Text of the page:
The Financial Action Task Force (FATF) announced it will not sanction Argentina over money laundering and “admitted the political commitment and the progress achieved by the country, specially the great advances it made in the regulations after the approval of the law to fight the money laundering, and the recommendations given in order to continue improving the system.”
During the last day of the organization’s Council summit at Mexico City, and after having discussed the issue for the last three days, the FATF announced the measure.
On Thursday, Argentina’s Justice Minister Julio Alak delegation sources said that the FATF had acknowledged Argentina’s effort to fight money laundering. During its plenary session, the organization recognized that Argentina had moved forward in its prevention and fight against money laundering activities.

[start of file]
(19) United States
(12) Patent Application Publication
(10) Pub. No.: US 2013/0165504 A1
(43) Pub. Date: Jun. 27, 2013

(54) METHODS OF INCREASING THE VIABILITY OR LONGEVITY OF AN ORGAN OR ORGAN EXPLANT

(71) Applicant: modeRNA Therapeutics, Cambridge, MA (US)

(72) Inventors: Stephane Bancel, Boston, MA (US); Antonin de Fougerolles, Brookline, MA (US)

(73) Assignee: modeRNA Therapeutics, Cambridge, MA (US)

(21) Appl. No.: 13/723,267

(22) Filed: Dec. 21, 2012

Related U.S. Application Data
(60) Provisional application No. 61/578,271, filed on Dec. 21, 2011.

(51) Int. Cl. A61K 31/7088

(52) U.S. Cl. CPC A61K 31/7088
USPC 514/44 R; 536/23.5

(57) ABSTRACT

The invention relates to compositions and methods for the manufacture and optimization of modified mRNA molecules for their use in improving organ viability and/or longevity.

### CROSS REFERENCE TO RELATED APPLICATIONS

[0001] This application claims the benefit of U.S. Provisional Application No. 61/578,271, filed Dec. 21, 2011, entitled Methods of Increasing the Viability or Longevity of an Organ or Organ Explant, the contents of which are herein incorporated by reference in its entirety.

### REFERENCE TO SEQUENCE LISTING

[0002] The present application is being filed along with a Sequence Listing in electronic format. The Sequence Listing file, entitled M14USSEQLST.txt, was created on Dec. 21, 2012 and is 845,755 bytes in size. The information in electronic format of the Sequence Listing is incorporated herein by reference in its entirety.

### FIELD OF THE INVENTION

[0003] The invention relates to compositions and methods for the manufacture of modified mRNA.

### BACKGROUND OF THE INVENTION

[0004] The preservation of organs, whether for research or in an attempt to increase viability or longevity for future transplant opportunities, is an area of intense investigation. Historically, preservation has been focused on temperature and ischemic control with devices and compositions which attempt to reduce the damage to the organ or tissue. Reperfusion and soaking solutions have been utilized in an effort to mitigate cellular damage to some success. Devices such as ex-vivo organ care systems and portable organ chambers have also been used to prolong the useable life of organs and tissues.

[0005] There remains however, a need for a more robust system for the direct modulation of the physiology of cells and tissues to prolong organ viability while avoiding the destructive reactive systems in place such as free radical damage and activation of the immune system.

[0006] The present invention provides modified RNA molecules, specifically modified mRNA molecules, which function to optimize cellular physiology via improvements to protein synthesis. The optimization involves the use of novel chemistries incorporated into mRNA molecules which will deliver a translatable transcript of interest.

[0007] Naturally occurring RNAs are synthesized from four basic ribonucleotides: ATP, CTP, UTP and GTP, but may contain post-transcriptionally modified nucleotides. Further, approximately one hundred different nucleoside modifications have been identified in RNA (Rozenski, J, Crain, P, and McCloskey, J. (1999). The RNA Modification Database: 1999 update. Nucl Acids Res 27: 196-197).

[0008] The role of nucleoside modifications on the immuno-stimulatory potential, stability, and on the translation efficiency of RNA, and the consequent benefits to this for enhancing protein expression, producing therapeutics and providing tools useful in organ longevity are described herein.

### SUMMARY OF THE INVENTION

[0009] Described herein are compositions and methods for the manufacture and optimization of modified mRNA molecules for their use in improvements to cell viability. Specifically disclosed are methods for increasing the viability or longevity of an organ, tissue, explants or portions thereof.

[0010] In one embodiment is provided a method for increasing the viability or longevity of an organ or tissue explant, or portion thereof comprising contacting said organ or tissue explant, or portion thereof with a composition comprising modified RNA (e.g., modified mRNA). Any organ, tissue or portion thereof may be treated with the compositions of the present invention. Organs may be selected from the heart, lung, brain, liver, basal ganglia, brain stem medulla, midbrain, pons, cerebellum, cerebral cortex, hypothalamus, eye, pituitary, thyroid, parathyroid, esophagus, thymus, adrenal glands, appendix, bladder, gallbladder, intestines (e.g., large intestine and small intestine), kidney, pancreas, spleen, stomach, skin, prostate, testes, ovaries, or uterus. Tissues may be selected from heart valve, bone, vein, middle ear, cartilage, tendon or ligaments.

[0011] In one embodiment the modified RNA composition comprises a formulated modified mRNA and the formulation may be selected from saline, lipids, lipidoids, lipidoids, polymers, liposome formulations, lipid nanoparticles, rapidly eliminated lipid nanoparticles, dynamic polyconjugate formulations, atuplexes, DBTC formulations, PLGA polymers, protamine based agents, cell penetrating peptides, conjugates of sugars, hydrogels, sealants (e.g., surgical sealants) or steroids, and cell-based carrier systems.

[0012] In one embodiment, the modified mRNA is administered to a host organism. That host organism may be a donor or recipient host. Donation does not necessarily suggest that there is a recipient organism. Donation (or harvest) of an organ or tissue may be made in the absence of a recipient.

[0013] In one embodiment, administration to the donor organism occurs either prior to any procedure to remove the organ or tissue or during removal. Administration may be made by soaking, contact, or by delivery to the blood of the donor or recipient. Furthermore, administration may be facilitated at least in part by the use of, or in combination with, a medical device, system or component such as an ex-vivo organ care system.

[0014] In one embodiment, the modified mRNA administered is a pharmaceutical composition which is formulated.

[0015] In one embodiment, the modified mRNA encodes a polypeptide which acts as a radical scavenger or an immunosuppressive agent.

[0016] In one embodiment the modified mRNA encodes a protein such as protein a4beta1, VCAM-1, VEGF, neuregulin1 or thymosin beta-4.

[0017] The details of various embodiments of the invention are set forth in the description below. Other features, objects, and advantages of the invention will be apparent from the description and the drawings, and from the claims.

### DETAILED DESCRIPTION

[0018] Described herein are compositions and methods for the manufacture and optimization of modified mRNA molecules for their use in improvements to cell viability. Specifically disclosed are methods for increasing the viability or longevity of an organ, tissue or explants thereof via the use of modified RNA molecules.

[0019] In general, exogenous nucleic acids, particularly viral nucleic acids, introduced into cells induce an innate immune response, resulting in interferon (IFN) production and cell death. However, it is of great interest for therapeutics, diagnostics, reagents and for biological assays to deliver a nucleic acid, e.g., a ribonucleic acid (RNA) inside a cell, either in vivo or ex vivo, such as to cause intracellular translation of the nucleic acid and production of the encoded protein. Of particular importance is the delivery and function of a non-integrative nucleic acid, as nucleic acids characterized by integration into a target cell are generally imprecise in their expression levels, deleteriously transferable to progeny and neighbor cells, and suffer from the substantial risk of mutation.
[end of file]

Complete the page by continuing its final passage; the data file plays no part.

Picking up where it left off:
Alak spoke before the assembly and expressed that the new law recently passed by the Argentine Congress, which includes stricter measures for those involved in money laundering activities, “effectively complies with all the organization’s recommendations.”
The Financial Action Task Force is an inter-governmental body whose purpose is the development and promotion of policies, both at national and international levels, to combat money laundering and terrorist financing. The FATF develops global standards for combating money laundering and terrorist financing.
In performing these activities, the FATF collaborates with other international bodies involved in combating money laundering and the financing of terrorism. The FATF has been in existence since 1989. In 2004, Ministry representatives from the 35 FATF members agreed to extend the mandate of the Task Force until 2012.